“Go up to the festival yourselves.” (verse 8) They would be going up to Jerusalem along with numerous people. For Jesus to go at this time would have likely generated an untimely triumphal entry. This would have sparked a confrontation with the Jewish leaders resulting in His death out of timing with His Father’s plan, which was at Passover and not the Feast of Tabernacles. There is also a textual issue at this point that we should take note of because it introduces this contradiction. There are Greek manuscripts that have the reading οὐκ (not) and οὔπω (not yet). However, the most likely correct reading would be οὐκ. (Shorter readings would be preferable since scribes would be less likely to take something out of a text. However, scribes have added in marginal notes into the text.) While it’s unlikely that anyone would replace οὔπω with οὐκ, since the spelling of the two words are so different. There is an obvious reason scribes would replace οὐκ with οὔπω. This would remove the apparent contradiction with verse 10, the very contradiction our young friend pointed out. In other words, a scribe may have tried to remove the contradiction (Jesus lied?) by inserting οὔπω. Either way it is written, it is clear what the Lord meant. He wasn’t saying He was not going to attend the feast at all, but that He was not going to be attending the feast the way His brothers wanted Him to attend with fanfare and triumph as the Messiah. He was going up not at their time, but at the proper time – the time His Father had predetermined Him to do so, at Passover.
The Divine Time
“After His brothers had gone up to the festival, then He also went up, not openly but secretly.” (verse 10) Delaying His departure Jesus avoided the crowds and went up “secretly” and not “openly.” Verse 14 tells us that Jesus did not arrive until the feast was half over. The crowds would have already arrived in Jerusalem and the roads would have been practically empty. He would have gone unnoticed and without any fanfare. Guess who was looking for Him? That’s right, the Jews and they were out for blood and there was a lot of discussion about Him among the crowds. Some said, “He’s a good man” and others saying, “He’s deceiving the people.” (verse 12) Yet, John tells us, “nobody was talking publicly about Him because they feared the Jews.” The crowds did not want to publicly contradict the religious leaders because they knew they would be “banned from the synagogue” (John 9:22) and most likely cutoff from Jewish life and family. Jesus was right in His Father’s timetable and plan as He always was. He was perfect and did not sin. (He made the One who did not know sin to be sin for us” – 2 Corinthians 5:21) He did not lie. He perfectly obeyed His Father and did not enter Jerusalem as Messiah until the “time” of the Passover, when He offered Himself as the Passover lamb for our sins. He was perfectly obedient to His Father, "to the point of death -- even to death on a cross." (Philippians 2:8) Jesus was out of step with His brothers and the ways of the world, but He was in perfect harmony with His Father's will and purpose. "I do not seek My own will, but the will of Him who sent Me." (John 5:30) The Lord Jesus not only did His Father's will, He did it in His Father's time.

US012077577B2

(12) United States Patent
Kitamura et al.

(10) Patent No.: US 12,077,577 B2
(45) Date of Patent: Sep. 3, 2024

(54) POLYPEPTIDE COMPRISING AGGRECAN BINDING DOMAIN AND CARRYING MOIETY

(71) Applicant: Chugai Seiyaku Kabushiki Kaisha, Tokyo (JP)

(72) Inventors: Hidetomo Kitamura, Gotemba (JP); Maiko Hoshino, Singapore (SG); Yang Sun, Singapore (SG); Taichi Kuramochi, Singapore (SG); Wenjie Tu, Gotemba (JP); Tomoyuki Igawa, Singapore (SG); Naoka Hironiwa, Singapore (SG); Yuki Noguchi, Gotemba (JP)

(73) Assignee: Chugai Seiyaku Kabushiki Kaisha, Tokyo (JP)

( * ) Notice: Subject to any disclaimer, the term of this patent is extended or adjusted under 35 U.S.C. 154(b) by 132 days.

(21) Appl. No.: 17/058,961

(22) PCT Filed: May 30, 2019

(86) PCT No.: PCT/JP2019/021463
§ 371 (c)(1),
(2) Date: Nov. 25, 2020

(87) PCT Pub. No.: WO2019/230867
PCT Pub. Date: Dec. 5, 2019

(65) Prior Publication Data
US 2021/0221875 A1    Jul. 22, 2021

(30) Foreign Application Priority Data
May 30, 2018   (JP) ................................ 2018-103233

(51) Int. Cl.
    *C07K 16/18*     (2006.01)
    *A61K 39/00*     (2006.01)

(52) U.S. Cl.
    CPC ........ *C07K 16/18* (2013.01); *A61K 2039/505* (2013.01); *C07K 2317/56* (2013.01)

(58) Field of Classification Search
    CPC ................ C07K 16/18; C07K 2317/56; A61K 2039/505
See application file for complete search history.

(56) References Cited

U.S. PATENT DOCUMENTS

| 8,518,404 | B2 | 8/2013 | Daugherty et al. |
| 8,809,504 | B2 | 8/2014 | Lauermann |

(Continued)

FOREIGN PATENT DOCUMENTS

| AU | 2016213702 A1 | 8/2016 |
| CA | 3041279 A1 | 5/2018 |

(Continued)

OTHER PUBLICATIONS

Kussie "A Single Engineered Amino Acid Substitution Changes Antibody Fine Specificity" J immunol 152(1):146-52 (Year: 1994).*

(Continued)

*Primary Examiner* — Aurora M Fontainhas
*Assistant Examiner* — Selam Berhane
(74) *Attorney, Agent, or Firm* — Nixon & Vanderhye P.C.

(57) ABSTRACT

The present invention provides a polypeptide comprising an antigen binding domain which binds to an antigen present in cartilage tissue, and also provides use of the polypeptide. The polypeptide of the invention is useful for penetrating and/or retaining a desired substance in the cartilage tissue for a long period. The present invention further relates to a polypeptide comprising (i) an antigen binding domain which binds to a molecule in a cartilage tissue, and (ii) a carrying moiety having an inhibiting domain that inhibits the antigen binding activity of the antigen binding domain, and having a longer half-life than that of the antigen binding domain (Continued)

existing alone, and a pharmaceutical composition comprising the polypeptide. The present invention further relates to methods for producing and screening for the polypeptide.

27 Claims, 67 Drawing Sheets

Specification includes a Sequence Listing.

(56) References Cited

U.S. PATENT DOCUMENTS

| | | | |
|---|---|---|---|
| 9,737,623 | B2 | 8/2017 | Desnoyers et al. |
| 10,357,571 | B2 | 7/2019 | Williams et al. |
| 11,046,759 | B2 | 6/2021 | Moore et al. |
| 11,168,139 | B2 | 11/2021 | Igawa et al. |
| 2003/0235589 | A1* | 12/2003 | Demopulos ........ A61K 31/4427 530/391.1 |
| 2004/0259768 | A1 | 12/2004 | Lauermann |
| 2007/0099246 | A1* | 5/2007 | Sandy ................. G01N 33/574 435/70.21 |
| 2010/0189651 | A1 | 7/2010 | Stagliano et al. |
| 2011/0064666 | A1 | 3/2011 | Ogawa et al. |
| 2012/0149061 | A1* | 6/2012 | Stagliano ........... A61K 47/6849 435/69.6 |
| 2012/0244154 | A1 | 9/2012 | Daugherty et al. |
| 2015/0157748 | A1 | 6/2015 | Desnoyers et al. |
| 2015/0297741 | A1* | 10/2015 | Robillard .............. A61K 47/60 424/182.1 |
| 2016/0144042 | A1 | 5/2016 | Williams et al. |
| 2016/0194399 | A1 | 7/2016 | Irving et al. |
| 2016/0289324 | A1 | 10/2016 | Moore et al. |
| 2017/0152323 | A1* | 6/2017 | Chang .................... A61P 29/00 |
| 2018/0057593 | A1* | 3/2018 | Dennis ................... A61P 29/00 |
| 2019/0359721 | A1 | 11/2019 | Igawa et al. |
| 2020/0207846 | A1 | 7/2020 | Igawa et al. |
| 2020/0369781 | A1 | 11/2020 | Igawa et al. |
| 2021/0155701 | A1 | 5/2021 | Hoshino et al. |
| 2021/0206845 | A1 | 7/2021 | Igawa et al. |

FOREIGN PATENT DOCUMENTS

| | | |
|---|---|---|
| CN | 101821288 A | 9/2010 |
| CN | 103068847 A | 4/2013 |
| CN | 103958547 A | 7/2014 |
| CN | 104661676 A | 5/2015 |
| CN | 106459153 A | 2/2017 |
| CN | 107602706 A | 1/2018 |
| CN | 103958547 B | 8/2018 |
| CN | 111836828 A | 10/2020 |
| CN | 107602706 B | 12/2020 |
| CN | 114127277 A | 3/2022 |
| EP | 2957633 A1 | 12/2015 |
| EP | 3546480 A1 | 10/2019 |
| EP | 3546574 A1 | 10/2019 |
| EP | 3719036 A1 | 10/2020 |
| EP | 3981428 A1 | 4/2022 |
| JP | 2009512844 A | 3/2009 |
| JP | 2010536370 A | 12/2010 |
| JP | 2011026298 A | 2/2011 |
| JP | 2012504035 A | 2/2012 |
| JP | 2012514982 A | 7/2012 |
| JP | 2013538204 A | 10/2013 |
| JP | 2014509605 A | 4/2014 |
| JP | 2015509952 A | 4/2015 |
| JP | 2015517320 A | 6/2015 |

There is another time to consider if you are an unbeliever and it’s called “the acceptable time” and “the day of salvation.” (2 Corinthians 6:2) That other time is the day and time that those who have not yet come to Christ may find help from God. When is that time? That time is now.
2 Corinthians 6:1-2 – “‘Don’t receive God’s grace in vain.’ For He says: In an acceptable time, I heard you, and in the day of salvation, I helped you. Look, now is the acceptable time; look, now is the day of salvation.”
is pastor/teacher at BIBC ~ Big Island Baptist Church in Deville, LA.